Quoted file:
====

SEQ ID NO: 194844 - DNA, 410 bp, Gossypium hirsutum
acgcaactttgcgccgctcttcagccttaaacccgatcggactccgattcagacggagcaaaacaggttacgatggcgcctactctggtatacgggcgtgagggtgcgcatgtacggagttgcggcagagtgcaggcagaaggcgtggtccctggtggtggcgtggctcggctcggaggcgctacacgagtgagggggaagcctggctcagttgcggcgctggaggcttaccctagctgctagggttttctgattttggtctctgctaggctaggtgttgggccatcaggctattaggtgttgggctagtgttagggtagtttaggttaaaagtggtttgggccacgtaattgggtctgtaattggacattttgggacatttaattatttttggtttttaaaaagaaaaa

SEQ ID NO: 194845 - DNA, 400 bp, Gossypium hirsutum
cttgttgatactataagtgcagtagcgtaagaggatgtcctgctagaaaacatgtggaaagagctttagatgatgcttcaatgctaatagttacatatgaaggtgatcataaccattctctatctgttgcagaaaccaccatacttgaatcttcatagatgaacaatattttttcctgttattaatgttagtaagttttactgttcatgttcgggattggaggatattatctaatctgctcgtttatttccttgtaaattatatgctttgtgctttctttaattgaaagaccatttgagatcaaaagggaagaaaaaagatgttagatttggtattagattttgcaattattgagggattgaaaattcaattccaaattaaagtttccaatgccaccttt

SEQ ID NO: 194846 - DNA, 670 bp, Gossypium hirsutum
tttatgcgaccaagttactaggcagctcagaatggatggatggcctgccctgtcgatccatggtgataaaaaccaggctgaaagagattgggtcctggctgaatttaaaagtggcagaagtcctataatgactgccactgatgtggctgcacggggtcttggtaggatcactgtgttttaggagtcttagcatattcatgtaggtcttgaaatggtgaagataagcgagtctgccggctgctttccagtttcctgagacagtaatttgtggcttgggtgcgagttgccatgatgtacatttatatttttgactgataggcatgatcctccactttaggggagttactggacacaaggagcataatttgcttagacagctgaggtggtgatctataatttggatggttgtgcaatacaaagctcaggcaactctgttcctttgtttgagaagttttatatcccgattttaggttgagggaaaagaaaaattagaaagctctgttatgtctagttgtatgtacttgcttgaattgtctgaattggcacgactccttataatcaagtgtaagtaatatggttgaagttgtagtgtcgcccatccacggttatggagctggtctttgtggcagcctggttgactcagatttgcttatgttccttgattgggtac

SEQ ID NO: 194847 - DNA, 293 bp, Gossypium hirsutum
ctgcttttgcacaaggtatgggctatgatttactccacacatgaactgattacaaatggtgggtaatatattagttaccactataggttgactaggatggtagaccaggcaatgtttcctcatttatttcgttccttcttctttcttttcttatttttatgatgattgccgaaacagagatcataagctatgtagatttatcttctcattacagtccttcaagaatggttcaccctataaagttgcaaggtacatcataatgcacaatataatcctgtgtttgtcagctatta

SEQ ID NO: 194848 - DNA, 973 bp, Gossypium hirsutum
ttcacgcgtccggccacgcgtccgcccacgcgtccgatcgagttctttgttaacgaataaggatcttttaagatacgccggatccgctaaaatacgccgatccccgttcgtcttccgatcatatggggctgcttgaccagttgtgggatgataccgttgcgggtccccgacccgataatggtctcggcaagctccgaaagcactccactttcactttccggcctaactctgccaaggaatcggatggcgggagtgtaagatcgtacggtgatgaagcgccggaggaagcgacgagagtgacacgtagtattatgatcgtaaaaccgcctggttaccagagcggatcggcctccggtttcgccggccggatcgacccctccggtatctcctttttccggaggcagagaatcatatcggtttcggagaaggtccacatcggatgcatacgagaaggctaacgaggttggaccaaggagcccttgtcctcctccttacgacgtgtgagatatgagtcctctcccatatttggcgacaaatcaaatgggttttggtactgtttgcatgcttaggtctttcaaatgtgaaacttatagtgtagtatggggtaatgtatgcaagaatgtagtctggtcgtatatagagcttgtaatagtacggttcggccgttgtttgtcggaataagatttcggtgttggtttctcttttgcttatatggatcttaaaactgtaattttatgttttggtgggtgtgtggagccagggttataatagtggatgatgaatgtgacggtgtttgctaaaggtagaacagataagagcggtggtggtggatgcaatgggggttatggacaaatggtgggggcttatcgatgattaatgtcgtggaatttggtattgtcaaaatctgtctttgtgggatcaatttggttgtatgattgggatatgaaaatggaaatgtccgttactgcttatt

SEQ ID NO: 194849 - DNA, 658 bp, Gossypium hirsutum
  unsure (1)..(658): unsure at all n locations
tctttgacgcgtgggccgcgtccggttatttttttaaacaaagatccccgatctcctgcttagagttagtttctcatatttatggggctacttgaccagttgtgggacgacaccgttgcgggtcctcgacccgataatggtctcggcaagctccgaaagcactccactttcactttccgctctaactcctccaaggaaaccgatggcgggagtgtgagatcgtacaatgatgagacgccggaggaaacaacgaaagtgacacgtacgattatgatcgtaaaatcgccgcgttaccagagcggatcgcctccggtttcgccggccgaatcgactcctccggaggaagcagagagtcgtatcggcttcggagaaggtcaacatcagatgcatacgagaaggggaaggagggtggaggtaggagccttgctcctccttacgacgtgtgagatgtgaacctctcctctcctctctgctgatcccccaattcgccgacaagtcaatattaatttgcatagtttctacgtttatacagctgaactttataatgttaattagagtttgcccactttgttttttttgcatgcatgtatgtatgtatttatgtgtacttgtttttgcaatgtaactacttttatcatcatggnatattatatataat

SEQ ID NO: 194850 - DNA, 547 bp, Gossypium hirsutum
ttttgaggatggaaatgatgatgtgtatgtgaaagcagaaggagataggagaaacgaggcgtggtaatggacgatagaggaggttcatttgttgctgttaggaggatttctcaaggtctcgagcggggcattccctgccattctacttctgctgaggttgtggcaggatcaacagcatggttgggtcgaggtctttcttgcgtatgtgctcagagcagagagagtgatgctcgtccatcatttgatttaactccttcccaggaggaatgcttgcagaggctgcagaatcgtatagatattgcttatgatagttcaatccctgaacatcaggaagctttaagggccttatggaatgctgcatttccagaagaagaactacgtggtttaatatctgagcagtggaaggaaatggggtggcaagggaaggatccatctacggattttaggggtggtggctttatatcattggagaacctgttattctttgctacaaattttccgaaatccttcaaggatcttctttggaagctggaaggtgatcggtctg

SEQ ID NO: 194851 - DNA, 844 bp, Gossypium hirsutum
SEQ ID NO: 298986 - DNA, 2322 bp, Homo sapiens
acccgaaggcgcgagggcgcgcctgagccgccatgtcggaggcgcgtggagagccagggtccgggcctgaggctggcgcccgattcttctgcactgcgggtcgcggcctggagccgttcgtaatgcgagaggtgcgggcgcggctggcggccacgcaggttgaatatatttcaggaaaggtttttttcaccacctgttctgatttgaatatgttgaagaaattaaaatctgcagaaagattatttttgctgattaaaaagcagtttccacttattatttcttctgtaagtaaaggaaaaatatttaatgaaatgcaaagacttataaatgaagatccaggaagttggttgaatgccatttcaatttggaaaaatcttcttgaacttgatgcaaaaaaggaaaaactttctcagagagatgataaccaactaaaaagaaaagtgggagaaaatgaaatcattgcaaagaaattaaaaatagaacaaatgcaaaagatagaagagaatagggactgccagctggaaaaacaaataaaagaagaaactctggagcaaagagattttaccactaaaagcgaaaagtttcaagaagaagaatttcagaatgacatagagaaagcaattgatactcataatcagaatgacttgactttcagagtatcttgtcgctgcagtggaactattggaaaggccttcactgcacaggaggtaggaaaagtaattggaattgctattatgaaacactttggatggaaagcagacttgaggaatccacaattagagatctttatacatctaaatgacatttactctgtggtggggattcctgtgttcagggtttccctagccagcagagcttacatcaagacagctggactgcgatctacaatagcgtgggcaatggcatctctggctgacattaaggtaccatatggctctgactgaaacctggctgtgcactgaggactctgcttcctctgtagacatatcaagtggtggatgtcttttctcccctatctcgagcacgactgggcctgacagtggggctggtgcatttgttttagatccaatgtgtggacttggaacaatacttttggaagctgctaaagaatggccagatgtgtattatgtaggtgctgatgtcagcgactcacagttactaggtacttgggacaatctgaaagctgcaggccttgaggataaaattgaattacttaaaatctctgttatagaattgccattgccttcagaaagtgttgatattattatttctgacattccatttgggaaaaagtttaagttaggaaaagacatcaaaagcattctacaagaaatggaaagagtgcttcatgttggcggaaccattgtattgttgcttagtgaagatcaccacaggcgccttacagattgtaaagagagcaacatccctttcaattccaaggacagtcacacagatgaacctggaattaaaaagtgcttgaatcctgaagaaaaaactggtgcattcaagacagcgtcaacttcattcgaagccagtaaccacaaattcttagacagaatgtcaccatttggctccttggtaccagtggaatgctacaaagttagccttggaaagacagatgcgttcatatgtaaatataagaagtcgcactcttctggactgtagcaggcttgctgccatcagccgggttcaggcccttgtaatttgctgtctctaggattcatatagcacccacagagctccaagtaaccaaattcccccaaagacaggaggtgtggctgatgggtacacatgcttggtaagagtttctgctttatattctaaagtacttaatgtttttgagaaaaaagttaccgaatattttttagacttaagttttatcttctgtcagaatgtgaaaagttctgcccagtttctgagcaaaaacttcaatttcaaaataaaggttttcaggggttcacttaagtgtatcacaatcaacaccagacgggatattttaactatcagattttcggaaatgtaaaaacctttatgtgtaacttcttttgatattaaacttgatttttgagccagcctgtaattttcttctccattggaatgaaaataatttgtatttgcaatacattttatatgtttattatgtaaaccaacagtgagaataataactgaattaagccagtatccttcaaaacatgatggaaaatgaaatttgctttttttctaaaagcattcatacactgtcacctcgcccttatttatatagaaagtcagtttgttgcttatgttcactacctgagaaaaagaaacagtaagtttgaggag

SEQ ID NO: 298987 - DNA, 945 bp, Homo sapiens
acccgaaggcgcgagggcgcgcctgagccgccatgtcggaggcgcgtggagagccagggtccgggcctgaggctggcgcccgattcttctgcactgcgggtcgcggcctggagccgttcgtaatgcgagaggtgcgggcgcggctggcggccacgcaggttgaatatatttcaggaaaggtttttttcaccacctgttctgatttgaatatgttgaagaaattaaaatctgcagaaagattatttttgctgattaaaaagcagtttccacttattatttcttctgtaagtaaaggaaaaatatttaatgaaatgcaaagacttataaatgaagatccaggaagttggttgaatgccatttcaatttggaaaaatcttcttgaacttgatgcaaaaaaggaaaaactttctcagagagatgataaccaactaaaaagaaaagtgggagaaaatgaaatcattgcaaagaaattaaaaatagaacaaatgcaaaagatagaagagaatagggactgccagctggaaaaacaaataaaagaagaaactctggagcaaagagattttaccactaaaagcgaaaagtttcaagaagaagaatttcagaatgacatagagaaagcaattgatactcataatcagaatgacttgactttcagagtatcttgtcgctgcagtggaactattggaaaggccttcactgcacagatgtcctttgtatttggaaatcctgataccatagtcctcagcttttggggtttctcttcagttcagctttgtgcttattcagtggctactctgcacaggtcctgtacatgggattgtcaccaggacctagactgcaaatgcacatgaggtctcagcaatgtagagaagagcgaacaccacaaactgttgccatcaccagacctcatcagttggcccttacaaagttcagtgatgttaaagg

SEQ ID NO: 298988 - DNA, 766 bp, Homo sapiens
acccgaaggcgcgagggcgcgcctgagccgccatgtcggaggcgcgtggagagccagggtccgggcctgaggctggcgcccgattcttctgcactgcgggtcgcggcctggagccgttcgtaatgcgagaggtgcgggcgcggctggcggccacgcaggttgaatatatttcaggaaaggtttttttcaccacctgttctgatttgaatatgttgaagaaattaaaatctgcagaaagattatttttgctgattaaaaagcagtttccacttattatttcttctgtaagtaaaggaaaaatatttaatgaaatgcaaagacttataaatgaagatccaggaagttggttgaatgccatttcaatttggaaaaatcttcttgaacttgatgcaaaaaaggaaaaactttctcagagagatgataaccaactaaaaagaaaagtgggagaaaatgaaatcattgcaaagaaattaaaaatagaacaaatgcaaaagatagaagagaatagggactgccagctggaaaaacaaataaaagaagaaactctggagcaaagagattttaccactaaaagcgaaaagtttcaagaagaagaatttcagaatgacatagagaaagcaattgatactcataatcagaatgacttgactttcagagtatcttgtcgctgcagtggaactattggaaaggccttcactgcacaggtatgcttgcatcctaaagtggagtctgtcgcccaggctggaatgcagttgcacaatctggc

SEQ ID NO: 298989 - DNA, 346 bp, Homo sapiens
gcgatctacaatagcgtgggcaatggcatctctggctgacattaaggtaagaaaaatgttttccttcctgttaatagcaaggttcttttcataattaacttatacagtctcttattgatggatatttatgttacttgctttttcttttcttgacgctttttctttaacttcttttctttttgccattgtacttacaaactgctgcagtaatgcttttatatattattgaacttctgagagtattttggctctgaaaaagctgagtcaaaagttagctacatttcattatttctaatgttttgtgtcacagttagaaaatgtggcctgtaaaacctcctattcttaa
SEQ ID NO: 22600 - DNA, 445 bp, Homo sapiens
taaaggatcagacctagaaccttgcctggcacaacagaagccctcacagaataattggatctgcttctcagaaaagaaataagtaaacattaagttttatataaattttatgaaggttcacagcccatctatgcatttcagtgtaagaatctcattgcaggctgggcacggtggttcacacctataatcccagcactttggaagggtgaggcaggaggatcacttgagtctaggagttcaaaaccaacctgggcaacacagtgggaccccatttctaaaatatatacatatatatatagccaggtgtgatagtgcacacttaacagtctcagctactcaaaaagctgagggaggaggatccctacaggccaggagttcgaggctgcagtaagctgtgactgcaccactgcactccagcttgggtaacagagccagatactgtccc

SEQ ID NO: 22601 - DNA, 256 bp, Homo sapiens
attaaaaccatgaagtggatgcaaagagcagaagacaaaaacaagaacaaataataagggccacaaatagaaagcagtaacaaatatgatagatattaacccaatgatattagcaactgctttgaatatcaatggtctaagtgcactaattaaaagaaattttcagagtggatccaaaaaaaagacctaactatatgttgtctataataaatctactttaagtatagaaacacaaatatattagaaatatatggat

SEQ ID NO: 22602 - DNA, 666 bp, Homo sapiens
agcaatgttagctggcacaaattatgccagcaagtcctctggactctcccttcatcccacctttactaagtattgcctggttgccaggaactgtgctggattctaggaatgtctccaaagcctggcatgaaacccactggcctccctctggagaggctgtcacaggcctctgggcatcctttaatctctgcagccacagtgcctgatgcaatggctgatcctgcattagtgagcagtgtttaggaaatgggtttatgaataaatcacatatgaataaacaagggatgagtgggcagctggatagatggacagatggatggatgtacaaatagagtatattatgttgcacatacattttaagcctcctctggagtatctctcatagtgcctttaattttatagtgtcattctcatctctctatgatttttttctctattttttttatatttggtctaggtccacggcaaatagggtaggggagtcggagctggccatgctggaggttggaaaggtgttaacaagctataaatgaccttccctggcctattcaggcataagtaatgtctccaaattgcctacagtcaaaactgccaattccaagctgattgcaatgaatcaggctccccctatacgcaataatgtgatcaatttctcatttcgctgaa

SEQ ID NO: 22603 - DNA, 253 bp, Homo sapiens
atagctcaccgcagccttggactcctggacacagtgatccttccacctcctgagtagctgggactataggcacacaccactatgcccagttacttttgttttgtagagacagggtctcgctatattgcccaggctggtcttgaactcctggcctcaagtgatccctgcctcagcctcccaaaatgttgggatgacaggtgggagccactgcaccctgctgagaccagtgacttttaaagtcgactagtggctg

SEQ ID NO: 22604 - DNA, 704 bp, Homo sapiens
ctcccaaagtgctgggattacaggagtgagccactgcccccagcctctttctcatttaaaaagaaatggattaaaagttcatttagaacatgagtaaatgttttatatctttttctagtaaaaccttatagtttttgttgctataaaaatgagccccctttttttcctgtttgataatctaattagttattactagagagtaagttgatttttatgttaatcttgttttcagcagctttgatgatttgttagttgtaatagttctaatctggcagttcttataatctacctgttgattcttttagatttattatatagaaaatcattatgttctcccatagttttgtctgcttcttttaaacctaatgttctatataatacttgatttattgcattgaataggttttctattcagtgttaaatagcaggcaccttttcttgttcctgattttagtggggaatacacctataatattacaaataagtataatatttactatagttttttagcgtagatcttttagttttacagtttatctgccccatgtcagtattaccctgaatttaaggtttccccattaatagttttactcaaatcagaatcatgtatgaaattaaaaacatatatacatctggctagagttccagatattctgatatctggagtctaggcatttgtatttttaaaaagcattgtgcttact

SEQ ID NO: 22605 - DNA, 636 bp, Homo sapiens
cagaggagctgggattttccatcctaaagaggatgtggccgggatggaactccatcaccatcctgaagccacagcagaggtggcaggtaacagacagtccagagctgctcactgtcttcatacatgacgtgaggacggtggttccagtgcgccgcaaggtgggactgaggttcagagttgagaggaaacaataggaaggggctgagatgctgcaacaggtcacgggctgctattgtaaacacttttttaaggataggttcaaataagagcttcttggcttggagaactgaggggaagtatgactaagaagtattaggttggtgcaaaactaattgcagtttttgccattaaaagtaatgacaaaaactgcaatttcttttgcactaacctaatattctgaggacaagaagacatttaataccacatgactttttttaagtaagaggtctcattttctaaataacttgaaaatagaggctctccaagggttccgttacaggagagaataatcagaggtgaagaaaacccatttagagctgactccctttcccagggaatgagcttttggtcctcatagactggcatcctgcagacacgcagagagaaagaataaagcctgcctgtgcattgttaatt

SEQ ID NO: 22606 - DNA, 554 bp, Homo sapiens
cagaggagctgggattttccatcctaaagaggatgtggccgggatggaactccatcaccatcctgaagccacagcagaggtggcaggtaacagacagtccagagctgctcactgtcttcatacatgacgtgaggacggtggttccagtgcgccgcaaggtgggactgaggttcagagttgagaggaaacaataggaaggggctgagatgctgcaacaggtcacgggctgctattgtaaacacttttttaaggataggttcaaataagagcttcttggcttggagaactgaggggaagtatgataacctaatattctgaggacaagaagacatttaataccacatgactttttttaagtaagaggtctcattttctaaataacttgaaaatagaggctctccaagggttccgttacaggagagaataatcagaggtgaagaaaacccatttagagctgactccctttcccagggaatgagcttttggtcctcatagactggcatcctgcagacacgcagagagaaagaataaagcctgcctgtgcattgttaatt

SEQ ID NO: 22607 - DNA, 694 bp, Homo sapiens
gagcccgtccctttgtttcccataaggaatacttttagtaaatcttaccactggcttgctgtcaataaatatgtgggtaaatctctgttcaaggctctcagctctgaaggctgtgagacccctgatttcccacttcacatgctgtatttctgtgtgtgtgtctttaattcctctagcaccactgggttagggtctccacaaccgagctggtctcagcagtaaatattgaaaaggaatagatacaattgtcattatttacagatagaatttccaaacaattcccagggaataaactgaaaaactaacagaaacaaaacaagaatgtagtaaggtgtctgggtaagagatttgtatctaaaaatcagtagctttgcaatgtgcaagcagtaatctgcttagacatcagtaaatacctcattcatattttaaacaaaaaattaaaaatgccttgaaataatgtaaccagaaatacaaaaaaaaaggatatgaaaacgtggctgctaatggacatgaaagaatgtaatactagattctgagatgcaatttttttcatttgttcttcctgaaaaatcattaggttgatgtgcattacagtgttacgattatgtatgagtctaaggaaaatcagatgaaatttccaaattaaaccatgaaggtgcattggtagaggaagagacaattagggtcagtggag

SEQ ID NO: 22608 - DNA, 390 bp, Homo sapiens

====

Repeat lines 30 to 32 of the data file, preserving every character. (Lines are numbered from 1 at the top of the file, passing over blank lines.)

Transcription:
agcaatgttagctggcacaaattatgccagcaagtcctctggactctcccttcatcccacctttactaagtattgcctggttgccaggaactgtgctggattctaggaatgtctccaaagcctggcatgaaacccactggcctccctctggagaggctgtcacaggcctctgggcatcctttaatctctgcagccacagtgcctgatgcaatggctgatcctgcattagtgagcagtgtttaggaaatgggtttatgaataaatcacatatgaataaacaagggatgagtgggcagctggatagatggacagatggatggatgtacaaatagagtatattatgttgcacatacattttaagcctcctctggagtatctctcatagtgcctttaattttatagtgtcattctcatctctctatgatttttttctctattttttttatatttggtctaggtccacggcaaatagggtaggggagtcggagctggccatgctggaggttggaaaggtgttaacaagctataaatgaccttccctggcctattcaggcataagtaatgtctccaaattgcctacagtcaaaactgccaattccaagctgattgcaatgaatcaggctccccctatacgcaataatgtgatcaatttctcatttcgctgaa

SEQ ID NO: 22603 - DNA, 253 bp, Homo sapiens
atagctcaccgcagccttggactcctggacacagtgatccttccacctcctgagtagctgggactataggcacacaccactatgcccagttacttttgttttgtagagacagggtctcgctatattgcccaggctggtcttgaactcctggcctcaagtgatccctgcctcagcctcccaaaatgttgggatgacaggtgggagccactgcaccctgctgagaccagtgacttttaaagtcgactagtggctg